Ensuring Productive Appointments

Credit:IC Production

One of the best aspects of appointments is that we can prepare for them vs. drop-in visitors or catch-as-catch-can encounters. These ten productivity tips will help you do the prep work ahead of time that allow your appointments to be effective, efficient, and productive for you and those with whom you are meeting.

  1. Call and/or email prior to the appointment to confirm. It takes a couple of minutes and may save you a couple of hours or more if the other person forgets or needs to reschedule.
  2. Arrive and/or be ready on time (and this means planning to arrive early if you are traveling to an appointment). With the prevalence of Zoom meetings, make sure you log on a few minutes early if you’re the host and even show up for a meeting a couple of minutes early when someone else is hosting.
  3. Expect that you will might have to wait, so have something to read (an actual book or Kindle on your phone, for example). Be careful if it’s a Zoom meeting that you don’t use the time to be immersed in email or some other type of work that could easily shift your energy away from the focus of the appointment you’re getting ready to have. And guess what? It’s OK when you’re waiting (in person or virtually) to sit and think. Imagine that?!
  4. Determine your questions, issues, or goals for the appointment. Write them down. Do I need to repeat that last sentence? How about if you simply read it again.
  5. Find out how much time the other person has. Regardless of whether this has been set ahead of time, verify the time right at the beginning of the appointment. It may help to use the timer on your phone to give a soft chime when it’s nearly time to wrap up. This lets you focus on the purpose of the meeting instead of worrying about the time.
  6. Determine how much time you have. Make that clear to the other person, too. The point is that everyone is clear on how much time so it can be allotted strategically.
  7. Agree on an agenda ahead of time (or at the beginning of the appointment). People think of agendas for meetings, but an appointment with one other person is also a meeting. Have an agenda.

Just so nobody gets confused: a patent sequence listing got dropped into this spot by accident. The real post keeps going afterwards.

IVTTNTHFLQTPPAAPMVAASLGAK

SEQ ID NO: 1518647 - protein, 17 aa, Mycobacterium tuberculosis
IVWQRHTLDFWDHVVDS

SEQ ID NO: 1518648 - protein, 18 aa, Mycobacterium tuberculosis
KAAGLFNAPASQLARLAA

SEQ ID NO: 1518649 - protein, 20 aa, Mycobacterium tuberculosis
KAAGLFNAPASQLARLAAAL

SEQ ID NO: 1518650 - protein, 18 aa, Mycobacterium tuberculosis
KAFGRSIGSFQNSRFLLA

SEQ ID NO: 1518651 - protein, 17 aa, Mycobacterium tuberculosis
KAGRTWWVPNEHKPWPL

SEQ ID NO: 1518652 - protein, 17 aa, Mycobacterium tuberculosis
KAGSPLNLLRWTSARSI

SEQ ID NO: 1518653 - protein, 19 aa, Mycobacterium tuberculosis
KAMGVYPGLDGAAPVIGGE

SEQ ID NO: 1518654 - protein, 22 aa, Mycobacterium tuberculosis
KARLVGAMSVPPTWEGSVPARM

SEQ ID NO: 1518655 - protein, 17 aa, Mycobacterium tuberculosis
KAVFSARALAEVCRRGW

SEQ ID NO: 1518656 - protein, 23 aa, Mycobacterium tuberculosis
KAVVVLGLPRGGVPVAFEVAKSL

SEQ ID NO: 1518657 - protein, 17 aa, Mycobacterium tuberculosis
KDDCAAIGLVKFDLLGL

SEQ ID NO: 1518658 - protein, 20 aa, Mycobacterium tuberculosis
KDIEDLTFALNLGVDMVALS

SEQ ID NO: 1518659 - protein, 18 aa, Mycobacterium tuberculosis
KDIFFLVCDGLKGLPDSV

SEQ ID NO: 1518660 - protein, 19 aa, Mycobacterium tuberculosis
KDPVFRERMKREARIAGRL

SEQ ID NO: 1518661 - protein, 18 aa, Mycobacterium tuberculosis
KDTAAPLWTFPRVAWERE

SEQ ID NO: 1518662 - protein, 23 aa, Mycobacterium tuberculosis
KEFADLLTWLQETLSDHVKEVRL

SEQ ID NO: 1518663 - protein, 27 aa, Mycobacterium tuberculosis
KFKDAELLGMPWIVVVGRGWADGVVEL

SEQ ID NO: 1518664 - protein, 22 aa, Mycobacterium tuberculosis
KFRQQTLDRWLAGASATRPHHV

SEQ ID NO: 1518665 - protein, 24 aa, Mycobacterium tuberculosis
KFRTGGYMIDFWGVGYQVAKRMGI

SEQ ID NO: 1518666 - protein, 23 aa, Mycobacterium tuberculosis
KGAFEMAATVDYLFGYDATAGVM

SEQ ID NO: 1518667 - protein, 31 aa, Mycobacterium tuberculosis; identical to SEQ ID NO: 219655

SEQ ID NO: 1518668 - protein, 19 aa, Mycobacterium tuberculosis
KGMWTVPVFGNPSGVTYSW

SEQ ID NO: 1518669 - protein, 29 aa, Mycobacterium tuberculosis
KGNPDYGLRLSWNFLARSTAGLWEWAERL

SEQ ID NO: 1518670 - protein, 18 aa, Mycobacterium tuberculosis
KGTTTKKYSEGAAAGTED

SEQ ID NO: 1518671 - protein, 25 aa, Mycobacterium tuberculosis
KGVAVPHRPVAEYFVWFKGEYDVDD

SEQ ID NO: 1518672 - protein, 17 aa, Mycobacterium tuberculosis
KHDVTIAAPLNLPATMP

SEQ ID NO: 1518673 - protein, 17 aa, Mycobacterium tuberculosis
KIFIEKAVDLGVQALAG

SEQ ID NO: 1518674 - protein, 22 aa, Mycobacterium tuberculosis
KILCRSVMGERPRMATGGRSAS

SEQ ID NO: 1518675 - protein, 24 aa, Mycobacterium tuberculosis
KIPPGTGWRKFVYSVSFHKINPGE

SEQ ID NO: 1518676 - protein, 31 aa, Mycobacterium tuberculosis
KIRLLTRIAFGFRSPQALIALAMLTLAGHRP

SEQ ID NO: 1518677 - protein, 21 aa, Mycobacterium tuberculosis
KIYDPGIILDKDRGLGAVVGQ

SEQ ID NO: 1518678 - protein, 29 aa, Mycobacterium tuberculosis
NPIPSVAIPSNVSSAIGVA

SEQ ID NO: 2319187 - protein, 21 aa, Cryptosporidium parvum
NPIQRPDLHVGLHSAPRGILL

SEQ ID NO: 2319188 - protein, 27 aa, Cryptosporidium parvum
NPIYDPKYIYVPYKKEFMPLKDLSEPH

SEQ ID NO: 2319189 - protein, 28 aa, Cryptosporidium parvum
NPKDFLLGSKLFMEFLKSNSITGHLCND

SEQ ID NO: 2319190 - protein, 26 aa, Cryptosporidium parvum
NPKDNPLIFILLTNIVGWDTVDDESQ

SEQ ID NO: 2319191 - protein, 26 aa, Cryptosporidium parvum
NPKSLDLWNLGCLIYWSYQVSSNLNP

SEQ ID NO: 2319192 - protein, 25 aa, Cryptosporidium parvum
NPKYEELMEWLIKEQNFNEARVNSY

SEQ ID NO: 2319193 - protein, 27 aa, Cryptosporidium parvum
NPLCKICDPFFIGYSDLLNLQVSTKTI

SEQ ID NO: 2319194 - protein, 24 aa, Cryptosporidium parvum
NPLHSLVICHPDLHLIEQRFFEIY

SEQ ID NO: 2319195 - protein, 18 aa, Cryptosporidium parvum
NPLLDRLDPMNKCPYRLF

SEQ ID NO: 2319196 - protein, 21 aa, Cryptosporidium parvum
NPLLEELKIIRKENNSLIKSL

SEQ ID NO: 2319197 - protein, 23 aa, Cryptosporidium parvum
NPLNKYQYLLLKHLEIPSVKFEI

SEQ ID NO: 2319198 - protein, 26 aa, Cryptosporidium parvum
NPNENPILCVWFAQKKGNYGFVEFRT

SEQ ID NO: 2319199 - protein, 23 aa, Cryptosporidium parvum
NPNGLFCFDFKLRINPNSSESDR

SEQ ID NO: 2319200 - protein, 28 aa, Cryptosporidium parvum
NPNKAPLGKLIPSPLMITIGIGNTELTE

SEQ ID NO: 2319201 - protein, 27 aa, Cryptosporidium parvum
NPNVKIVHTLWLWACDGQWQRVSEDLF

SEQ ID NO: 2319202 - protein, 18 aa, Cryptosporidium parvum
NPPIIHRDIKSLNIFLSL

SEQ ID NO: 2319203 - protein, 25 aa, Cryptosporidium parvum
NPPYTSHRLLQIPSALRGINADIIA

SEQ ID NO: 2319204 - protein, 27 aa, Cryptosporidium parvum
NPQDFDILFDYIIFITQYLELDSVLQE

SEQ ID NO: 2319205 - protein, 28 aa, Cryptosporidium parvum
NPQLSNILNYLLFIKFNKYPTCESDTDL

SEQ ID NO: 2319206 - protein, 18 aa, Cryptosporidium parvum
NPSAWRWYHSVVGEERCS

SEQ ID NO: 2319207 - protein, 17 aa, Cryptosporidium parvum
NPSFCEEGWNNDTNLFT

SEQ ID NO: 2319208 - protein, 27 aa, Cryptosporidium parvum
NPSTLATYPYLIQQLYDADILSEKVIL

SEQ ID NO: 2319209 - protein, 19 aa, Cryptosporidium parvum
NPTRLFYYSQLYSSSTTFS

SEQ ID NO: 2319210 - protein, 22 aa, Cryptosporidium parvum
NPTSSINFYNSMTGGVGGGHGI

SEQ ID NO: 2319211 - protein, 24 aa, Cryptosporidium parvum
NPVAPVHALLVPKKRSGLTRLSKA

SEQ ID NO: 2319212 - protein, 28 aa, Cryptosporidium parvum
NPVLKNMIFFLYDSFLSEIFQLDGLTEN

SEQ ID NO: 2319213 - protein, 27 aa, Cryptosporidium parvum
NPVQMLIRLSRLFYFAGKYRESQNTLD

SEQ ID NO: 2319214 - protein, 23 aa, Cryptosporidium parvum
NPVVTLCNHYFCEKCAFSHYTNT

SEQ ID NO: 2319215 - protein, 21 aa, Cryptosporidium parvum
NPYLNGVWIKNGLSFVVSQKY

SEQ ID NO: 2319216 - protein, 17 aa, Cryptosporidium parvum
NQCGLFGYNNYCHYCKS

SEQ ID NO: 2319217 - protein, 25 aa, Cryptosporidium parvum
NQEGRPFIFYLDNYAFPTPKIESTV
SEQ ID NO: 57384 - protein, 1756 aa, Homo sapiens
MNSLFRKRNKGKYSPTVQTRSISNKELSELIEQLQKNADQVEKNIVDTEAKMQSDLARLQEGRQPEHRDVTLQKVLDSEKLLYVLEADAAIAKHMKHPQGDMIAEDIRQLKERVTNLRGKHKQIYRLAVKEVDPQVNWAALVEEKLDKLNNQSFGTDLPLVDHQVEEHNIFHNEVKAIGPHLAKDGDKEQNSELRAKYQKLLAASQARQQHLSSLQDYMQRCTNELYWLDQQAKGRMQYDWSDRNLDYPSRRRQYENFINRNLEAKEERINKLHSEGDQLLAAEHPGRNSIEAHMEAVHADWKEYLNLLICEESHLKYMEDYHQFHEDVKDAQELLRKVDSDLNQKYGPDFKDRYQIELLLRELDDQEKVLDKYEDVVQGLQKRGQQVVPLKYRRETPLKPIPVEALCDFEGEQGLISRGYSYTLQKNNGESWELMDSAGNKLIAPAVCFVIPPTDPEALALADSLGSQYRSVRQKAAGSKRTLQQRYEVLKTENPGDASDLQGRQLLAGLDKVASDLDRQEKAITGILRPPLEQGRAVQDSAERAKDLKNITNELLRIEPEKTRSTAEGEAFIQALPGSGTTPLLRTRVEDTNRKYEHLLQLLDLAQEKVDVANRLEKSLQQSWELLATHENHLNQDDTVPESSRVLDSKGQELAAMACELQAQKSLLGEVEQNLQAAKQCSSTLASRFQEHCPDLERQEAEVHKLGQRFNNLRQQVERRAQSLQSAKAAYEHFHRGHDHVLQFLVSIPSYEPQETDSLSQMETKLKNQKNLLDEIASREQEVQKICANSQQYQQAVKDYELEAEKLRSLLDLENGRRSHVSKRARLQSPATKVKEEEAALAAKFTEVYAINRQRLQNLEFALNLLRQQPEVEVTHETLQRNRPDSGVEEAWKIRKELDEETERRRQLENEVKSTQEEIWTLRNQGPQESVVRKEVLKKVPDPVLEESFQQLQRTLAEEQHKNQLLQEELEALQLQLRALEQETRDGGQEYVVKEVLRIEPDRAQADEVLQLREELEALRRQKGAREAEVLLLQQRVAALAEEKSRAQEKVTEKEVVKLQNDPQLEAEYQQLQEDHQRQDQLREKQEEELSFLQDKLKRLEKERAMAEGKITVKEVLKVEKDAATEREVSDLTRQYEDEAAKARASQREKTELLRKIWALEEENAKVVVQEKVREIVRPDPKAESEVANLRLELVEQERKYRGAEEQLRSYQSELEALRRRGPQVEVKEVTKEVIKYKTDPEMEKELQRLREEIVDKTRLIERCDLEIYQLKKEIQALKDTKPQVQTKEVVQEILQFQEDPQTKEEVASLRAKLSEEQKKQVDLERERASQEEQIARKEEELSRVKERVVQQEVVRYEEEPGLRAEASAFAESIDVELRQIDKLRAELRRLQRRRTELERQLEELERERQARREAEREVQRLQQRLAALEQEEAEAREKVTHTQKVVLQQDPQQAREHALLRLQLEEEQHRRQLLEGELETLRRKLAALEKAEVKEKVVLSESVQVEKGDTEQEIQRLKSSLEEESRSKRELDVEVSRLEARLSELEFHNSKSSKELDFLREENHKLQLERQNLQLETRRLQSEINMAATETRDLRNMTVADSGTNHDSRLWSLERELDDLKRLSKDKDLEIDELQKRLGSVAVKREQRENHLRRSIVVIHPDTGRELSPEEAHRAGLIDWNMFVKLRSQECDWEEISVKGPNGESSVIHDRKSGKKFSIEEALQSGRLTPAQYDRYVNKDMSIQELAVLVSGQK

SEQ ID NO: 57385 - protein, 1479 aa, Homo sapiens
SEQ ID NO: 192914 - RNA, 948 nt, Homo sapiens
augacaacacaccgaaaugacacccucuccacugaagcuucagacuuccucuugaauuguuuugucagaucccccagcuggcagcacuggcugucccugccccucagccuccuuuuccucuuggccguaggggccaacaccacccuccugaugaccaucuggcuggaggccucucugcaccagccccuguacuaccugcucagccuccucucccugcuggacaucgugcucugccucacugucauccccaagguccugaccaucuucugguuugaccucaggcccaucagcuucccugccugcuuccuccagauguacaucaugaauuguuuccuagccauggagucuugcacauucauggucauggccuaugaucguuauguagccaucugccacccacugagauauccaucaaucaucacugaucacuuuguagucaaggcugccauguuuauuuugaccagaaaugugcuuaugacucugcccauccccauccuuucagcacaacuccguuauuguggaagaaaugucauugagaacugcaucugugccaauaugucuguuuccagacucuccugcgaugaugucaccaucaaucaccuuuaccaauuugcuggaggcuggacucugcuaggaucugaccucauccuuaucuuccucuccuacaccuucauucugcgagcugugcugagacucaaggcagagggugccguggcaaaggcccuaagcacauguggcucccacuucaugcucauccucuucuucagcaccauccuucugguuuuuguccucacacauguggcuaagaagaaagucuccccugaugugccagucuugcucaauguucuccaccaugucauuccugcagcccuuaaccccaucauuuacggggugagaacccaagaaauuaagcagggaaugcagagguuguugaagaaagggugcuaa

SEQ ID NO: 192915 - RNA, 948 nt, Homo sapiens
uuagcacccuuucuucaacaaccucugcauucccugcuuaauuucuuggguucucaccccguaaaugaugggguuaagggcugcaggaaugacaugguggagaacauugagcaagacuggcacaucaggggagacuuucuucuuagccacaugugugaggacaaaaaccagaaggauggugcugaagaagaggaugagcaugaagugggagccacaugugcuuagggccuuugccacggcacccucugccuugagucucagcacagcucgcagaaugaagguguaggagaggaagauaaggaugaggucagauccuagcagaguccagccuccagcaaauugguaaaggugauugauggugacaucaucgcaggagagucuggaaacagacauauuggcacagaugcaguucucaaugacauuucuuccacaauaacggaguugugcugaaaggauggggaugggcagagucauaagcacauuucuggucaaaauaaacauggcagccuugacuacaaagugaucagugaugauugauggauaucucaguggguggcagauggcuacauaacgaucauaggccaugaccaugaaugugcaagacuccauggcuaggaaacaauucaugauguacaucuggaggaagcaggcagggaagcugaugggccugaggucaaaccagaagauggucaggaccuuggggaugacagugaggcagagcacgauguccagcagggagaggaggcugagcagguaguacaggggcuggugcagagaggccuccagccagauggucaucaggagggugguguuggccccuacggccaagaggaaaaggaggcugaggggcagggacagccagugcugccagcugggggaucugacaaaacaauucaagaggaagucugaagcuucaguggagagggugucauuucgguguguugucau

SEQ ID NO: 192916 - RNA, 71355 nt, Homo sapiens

8. Meet where there are no (or limited) distractions (e.g., phone, email, drop-ins). Although the pandemic demonstrated that people can still have an appointment with someone WITH interruptions, it also demonstrated the stress and strain of nearly constant interruptions. Do what you can to minimize disruptions.
  9. Set up the environment for productivity (close door, ask that phones be turned off). Demonstrate that you’re putting your phone over to the side and face down with notifications turned off, for example.
  10. Have the tools you need to be productive (your planner, some place to take notes, a timer so you don’t have to keep checking your watch).

Well-planned and productively-used appointments make tremendous sense for you and for your colleagues. Put one or more of these ideas into practice this week…maybe even within the next hour. Share these ideas with your colleagues, too. You (and they) will appreciate it! If these practices are a culture shift, that’s OK! Many folks are shifting their work cultures at this time. Surely we’ve learned something in the last couple of years!




Meggin McIntosh, “The PhD of Productivity®”, invests time & energy with people who seek ways to be overjoyed instead of overwhelmed. https://meggin.com

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Meggin McIntosh

Meggin McIntosh

Meggin McIntosh, “The PhD of Productivity®”, invests time & energy with people who seek ways to be overjoyed instead of overwhelmed. https://meggin.com

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